New Nordic Series

HP Glass Minnow is another simple, inconspicuous fly, originated by Danish fly tyer, Henrik Strandgaard. Henrik is best know for classic salmon flies, but is behind this pattern, which also does very well on calm days and in clear water. Body of pearl tinsel, wing of blue and natural polar bear, kept sparse and eyes of ProSportfisher Gen3 synthetic jungle cock.

It sounds a bit like a new direction in modern, Scandinavian cuisine, but it’s not. It’s a new hook in our Nordic Series. Do they ever stop releasing new hook, you might think. Well, not in any foreseeable future. Nordic Series was the first line of hooks we released, so named to mark that we are a Danish hooks brand. Most of the hooks are intended and designed for saltwater fishing in Scandinavia, but most of them are very versatile and will fit a number of flies for all sorts of fishing.

The new hook, NS 105 D/E BL – short for Nordic Series Down Eye Barb Less. Catch and release is becoming more and more common and we support this trend. All of our FW-series come in both barbed and barbless versions. Catch and release has been normal when fishing for trout, grayling and salmon, but it’s also becoming more wide spread in saltwater sea trout fishing.

We’ve long wanted to release barbless hooks in the Nordic Series and we finally decided on this model, the NS 105. We call it a streamer, which it is, but it’s a “short streamer”. Definitely a shorter shank than our NS 118 Classic Streamer and also a slightly heavier wire gauge. This “somewhere-between-wet-fly-length-and-classic-streamer-length” makes it a quite versatile hook.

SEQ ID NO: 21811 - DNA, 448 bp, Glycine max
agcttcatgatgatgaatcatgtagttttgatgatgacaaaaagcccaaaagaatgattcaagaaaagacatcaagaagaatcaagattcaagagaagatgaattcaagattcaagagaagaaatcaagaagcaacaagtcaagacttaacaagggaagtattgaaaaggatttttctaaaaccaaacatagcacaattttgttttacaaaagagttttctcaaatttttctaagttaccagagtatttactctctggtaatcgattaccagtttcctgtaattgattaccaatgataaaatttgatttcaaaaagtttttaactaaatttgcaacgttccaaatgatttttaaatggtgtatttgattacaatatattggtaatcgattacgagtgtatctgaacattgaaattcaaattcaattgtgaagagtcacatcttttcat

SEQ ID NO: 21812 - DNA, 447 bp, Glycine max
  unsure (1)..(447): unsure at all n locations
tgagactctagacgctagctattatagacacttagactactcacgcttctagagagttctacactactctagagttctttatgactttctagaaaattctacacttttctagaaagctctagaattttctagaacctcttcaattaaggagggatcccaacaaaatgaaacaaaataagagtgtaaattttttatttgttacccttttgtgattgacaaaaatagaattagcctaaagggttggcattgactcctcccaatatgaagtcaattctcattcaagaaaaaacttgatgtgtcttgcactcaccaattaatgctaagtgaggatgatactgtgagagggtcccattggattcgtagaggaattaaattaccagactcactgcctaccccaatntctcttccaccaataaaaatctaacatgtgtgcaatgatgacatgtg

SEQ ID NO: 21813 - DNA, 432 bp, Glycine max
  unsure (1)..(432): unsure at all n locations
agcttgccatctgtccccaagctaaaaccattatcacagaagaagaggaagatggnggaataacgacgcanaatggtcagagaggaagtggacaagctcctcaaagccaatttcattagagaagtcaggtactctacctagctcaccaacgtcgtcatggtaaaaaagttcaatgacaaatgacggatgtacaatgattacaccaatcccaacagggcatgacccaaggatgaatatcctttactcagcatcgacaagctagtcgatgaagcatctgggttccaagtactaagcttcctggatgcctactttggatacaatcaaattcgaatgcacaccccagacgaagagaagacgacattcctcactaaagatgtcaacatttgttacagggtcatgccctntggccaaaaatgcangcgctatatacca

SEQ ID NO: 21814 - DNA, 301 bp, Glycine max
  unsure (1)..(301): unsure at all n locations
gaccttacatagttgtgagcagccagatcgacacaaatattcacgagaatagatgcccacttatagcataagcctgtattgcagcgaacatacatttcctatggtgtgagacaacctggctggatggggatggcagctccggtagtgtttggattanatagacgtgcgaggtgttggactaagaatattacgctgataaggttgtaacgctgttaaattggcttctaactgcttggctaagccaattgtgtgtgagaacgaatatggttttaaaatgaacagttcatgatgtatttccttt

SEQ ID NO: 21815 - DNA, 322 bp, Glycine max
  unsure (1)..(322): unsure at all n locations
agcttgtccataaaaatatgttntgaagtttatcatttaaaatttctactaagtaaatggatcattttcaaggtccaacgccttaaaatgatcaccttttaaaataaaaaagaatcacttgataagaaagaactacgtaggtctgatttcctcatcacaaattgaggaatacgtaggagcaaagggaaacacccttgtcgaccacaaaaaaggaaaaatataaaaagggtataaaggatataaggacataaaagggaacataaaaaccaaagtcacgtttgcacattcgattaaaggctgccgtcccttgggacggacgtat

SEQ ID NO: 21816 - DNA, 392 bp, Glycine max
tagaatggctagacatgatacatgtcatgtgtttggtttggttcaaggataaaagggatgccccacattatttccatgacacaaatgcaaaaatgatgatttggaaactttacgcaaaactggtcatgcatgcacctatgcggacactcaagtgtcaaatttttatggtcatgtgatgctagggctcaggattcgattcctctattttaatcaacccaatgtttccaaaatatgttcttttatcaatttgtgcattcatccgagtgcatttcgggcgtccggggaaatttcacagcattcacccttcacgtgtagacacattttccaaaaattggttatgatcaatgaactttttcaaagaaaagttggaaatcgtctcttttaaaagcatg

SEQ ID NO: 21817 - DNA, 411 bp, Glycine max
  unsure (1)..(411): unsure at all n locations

Mickey Finn: A slightly modernised version with pearl tinsel over the silver tinsel body and a few strands of pearl flash in the wing. An old timer, but still a favourite of mine for saltwater sea trout.

It does well on classic streamers (I had to tie a Mickey Finn as the first fly), but I’ve also used it for palmer flies, zonker flies and shrimp flies. It accommodates most styles.

As a streamer hook should be, we made it down eye, gave it a larger hook gape than the NS 118 and a slightly up-turned hook point, which ensures that it hooks the fish very well. And being barbless means you actually need less pressurre to hook fish. Yes, you might lose a few more fish, but you’ll also be able to release fish with greater ease and less harm to the fish. And there are places in the World, where barbless hooks are mandatory. All our hooks are well suited to have the barb squeezed down, but if you want to be absolutely sure that rules are kept, choose a barbless. You can risk that a barb is not fully flattened.

It comes in black nickel coating and in size 2-12.

We hope you like it as much as we do.

We have played with the new hook ourself, and here is a few of the flies from our vices.

IP is short for Inconspicuous Palmer, a small palmer fly that I often use on tricky fish in flat, calm conditions. Slowly retrieved it sometimes does the trick. Tail and hackles are Coq de Leon hen hackles and the body is dubbing – as simple as it gets.
Yellow Dot Foam Beetle tied by Søren Flarup.

We have teamed up with Rasmus Pabst Ovesen to demonstrate his delicate stickleback pattern the CDC Stickleback tied on the new hook – a pattern that has fulfilled Rasmus’ dream of a big autumn trout several times.
Yellow Eyed Autumn Shrimp tied by Søren Flarup.